My Lords, I make this point very clearly. The NHS provides a comprehensive service available to all, irrespective of gender, race, disability or age. No guidance has been issued on the provision of appropriate treatment based solely on age. The NHS has issued guidance for the restoration of non-Covid-19 health services, working on the principle that the most clinically urgent patients should be seen first, followed by those who have been waiting the longest.
I thank the Minister for his reply. He will be aware that there have been letters in the Telegraph and elsewhere, saying an advisory age of 75 is being brought in. First, is any age guidance given in any of the information sent out by his department? Secondly, will he agree to place a copy of all the circulars from the DHSC in the Library so that we can see what is going out?
My Lords, I can confirm clearly that reports of any sort of age limit of the kind referred to by my noble friend are completely wrong. On the matter of sharing circulars, there will be certain practical challenges to that, but I will inquire as to what we can possibly share, so that these decisions are as transparent as my noble friend wishes.
My Lords, the distinction between different patient groups has particularly affected care home residents through the blanket use of “do not resuscitate” orders without explanation to patients and families. Will the Minister make clear his abhorrence of this practice, and can he say how he will ensure that the recent winter guidance in relation to this for adult social care will be followed in full?
My Lords, there are no blanket DNR notices. These are completely abhorrent and against the NHS constitution. We are not supporting them at all. The noble Lord is entirely right that families should be consulted before any such measures are put in place. The social care plan published earlier this month makes that absolutely clear.
My Lords, young people have been hit hard by Covid-19, if not physically, then mentally and emotionally. They may be caring for someone who is either sick or vulnerable and therefore isolating. What is being done to ensure that young carers continue to get support during the pandemic—especially in the light of further restrictions—both for their caring duties and for their own mental health and well-being?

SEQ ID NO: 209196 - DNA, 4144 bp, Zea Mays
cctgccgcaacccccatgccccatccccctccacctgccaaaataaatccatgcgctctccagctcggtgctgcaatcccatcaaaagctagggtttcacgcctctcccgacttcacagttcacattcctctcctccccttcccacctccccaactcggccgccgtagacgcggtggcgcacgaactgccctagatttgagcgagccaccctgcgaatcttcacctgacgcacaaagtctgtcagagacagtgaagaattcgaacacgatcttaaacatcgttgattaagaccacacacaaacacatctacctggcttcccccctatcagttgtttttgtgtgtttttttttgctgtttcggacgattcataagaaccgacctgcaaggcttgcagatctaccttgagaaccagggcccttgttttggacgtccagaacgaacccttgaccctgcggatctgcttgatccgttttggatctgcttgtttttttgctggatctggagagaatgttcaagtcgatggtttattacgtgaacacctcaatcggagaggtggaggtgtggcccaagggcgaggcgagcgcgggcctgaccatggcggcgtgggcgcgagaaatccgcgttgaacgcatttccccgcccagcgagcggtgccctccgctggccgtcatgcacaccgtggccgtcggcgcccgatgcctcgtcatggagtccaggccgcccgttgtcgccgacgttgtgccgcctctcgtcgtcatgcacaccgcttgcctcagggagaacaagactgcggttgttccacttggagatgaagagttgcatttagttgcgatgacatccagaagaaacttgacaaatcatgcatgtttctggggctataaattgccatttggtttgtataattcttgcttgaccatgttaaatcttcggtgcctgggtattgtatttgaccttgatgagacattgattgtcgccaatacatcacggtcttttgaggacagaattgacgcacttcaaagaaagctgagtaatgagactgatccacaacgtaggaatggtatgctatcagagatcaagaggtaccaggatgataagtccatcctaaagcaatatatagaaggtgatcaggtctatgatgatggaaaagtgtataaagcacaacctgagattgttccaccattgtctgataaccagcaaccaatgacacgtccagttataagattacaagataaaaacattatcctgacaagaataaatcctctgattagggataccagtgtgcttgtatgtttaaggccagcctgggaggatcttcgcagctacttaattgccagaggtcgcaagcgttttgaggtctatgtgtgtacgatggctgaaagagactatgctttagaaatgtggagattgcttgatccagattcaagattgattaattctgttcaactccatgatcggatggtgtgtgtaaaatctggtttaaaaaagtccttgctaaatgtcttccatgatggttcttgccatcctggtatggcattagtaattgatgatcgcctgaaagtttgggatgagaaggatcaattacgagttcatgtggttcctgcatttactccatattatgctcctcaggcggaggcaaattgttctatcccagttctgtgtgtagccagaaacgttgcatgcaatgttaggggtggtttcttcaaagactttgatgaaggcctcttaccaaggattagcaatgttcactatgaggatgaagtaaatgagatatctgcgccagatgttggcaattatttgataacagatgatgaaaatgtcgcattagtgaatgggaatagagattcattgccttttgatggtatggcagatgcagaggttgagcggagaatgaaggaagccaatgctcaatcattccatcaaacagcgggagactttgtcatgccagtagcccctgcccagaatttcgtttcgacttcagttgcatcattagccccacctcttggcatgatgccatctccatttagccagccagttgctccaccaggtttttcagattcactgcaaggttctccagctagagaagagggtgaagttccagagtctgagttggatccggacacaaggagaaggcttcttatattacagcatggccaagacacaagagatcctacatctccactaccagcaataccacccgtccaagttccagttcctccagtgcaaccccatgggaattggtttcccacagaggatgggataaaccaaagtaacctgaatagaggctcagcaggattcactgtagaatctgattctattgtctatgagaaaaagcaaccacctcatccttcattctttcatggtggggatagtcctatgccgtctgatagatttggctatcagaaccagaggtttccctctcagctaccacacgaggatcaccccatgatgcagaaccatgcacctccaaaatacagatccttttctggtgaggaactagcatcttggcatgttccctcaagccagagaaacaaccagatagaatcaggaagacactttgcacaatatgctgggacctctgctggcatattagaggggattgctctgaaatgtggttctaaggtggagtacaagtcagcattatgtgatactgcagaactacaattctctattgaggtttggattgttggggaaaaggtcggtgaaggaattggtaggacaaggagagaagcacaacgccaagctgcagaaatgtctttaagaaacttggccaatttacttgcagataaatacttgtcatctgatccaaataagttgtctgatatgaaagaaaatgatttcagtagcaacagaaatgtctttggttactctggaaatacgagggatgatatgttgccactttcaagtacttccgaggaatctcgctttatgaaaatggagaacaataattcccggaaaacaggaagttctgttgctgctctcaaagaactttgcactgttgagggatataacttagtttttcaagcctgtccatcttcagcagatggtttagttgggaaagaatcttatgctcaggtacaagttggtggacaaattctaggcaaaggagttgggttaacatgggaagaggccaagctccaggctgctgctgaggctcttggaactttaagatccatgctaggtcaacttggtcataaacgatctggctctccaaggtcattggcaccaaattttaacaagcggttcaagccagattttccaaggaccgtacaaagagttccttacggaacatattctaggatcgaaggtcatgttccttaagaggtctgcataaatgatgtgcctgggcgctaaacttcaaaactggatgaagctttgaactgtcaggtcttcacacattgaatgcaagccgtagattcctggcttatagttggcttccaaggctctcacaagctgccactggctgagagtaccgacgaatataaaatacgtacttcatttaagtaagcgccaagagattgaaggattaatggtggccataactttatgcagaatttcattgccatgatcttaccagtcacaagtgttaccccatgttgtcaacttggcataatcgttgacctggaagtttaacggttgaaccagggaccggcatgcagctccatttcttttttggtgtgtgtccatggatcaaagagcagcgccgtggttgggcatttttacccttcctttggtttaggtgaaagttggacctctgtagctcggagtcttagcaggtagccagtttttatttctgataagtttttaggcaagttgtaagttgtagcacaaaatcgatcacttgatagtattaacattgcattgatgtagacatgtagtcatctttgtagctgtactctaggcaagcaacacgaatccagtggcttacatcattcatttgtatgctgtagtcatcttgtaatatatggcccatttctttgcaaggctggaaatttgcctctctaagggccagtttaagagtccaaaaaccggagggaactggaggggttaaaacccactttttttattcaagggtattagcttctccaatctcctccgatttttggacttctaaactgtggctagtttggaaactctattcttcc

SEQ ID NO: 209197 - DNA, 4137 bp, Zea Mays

The noble Baroness is entirely right to focus on the plight of young carers, who play an incredibly important role in society at any time, and who are under profound pressure, particularly when isolating during this epidemic. Substantial financial support has been given to local authorities to provide their social care services with the additional funds necessary to support such cases, and we continue to work through our charity partners to ensure that young carers are supported.
My Lords, I congratulate the Government on avoiding the temptation to discriminate on the grounds of age in connection with this coronavirus illness. The original guidance suggested that a person was vulnerable just because they were over 70, and I welcome the clarification. Could my noble friend assure the House that the Government do not intend to introduce blanket age restrictions and that the individual medical conditions of each person will be taken into account, rather than just age?
My Lords, I reiterate the point I made earlier in response to my noble friend’s quite reasonable remarks on the importance of fairness when it comes to age: blanket age restrictions play no role in the NHS and are overtly against the constitution.
My Lords, I declare that I chair the National Mental Capacity Forum and am an elected member of the BMA ethics committee. All treatment decisions must be individualised based on the likelihood of benefit to the person, considering their wishes and feelings, without prejudice of age, disability or other pre-existing conditions. Will the Government continue to work with the forum to ensure this is known and understood properly across health and social care in all sectors?